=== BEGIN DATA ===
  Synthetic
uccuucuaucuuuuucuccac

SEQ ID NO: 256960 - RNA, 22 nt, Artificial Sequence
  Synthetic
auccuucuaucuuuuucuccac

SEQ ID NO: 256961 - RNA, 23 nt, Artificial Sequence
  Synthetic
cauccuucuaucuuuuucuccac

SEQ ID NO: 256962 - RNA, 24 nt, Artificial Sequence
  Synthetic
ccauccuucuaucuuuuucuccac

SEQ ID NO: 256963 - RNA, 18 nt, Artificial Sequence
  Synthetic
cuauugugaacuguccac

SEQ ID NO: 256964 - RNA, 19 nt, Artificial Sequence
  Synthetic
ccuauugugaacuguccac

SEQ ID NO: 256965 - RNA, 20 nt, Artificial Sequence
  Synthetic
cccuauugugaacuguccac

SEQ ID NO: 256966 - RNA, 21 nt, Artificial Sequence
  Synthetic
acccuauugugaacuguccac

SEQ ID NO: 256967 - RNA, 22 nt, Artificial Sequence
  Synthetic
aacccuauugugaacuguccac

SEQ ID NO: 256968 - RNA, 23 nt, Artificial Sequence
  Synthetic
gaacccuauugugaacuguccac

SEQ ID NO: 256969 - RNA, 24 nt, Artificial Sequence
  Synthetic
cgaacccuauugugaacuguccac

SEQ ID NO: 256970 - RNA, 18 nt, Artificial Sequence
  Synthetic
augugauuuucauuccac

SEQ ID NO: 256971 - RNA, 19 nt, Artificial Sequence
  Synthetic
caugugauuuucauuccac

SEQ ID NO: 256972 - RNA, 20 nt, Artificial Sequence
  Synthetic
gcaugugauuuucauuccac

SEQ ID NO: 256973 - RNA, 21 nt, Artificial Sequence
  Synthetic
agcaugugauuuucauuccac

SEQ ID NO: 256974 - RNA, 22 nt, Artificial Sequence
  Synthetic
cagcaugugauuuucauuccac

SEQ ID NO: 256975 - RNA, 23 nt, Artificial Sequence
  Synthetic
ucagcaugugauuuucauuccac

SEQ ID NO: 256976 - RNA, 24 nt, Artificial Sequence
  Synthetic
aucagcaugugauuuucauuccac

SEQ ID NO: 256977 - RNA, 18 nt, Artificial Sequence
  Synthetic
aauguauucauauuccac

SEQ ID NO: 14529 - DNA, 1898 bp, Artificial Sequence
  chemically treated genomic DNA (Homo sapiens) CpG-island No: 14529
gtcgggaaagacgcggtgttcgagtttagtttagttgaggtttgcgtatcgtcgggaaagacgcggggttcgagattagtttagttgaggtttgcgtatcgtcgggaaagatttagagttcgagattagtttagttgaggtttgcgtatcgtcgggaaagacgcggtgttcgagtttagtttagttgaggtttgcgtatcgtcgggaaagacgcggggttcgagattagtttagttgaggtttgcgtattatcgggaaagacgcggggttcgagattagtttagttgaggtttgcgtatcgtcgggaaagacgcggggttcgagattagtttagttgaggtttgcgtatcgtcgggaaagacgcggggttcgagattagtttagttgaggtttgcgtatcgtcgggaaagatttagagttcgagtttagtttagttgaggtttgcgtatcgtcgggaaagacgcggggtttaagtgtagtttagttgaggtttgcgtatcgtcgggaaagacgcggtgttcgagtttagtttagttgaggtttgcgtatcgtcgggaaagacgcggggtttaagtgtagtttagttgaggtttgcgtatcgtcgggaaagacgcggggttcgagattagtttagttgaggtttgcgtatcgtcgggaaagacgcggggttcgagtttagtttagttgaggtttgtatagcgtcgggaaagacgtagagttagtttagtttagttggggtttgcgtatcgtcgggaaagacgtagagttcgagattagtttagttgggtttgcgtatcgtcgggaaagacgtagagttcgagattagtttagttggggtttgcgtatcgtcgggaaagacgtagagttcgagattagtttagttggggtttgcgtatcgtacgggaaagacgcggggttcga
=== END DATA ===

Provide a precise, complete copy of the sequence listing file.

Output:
  Synthetic
uccuucuaucuuuuucuccac

SEQ ID NO: 256960 - RNA, 22 nt, Artificial Sequence
  Synthetic
auccuucuaucuuuuucuccac

SEQ ID NO: 256961 - RNA, 23 nt, Artificial Sequence
  Synthetic
cauccuucuaucuuuuucuccac

SEQ ID NO: 256962 - RNA, 24 nt, Artificial Sequence
  Synthetic
ccauccuucuaucuuuuucuccac

SEQ ID NO: 256963 - RNA, 18 nt, Artificial Sequence
  Synthetic
cuauugugaacuguccac

SEQ ID NO: 256964 - RNA, 19 nt, Artificial Sequence
  Synthetic
ccuauugugaacuguccac

SEQ ID NO: 256965 - RNA, 20 nt, Artificial Sequence
  Synthetic
cccuauugugaacuguccac

SEQ ID NO: 256966 - RNA, 21 nt, Artificial Sequence
  Synthetic
acccuauugugaacuguccac

SEQ ID NO: 256967 - RNA, 22 nt, Artificial Sequence
  Synthetic
aacccuauugugaacuguccac

SEQ ID NO: 256968 - RNA, 23 nt, Artificial Sequence
  Synthetic
gaacccuauugugaacuguccac

SEQ ID NO: 256969 - RNA, 24 nt, Artificial Sequence
  Synthetic
cgaacccuauugugaacuguccac

SEQ ID NO: 256970 - RNA, 18 nt, Artificial Sequence
  Synthetic
augugauuuucauuccac

SEQ ID NO: 256971 - RNA, 19 nt, Artificial Sequence
  Synthetic
caugugauuuucauuccac

SEQ ID NO: 256972 - RNA, 20 nt, Artificial Sequence
  Synthetic
gcaugugauuuucauuccac

SEQ ID NO: 256973 - RNA, 21 nt, Artificial Sequence
  Synthetic
agcaugugauuuucauuccac

SEQ ID NO: 256974 - RNA, 22 nt, Artificial Sequence
  Synthetic
cagcaugugauuuucauuccac

SEQ ID NO: 256975 - RNA, 23 nt, Artificial Sequence
  Synthetic
ucagcaugugauuuucauuccac

SEQ ID NO: 256976 - RNA, 24 nt, Artificial Sequence
  Synthetic
aucagcaugugauuuucauuccac

SEQ ID NO: 256977 - RNA, 18 nt, Artificial Sequence
  Synthetic
aauguauucauauuccac

SEQ ID NO: 14529 - DNA, 1898 bp, Artificial Sequence
  chemically treated genomic DNA (Homo sapiens) CpG-island No: 14529
gtcgggaaagacgcggtgttcgagtttagtttagttgaggtttgcgtatcgtcgggaaagacgcggggttcgagattagtttagttgaggtttgcgtatcgtcgggaaagatttagagttcgagattagtttagttgaggtttgcgtatcgtcgggaaagacgcggtgttcgagtttagtttagttgaggtttgcgtatcgtcgggaaagacgcggggttcgagattagtttagttgaggtttgcgtattatcgggaaagacgcggggttcgagattagtttagttgaggtttgcgtatcgtcgggaaagacgcggggttcgagattagtttagttgaggtttgcgtatcgtcgggaaagacgcggggttcgagattagtttagttgaggtttgcgtatcgtcgggaaagatttagagttcgagtttagtttagttgaggtttgcgtatcgtcgggaaagacgcggggtttaagtgtagtttagttgaggtttgcgtatcgtcgggaaagacgcggtgttcgagtttagtttagttgaggtttgcgtatcgtcgggaaagacgcggggtttaagtgtagtttagttgaggtttgcgtatcgtcgggaaagacgcggggttcgagattagtttagttgaggtttgcgtatcgtcgggaaagacgcggggttcgagtttagtttagttgaggtttgtatagcgtcgggaaagacgtagagttagtttagtttagttggggtttgcgtatcgtcgggaaagacgtagagttcgagattagtttagttgggtttgcgtatcgtcgggaaagacgtagagttcgagattagtttagttggggtttgcgtatcgtcgggaaagacgtagagttcgagattagtttagttggggtttgcgtatcgtacgggaaagacgcggggttcga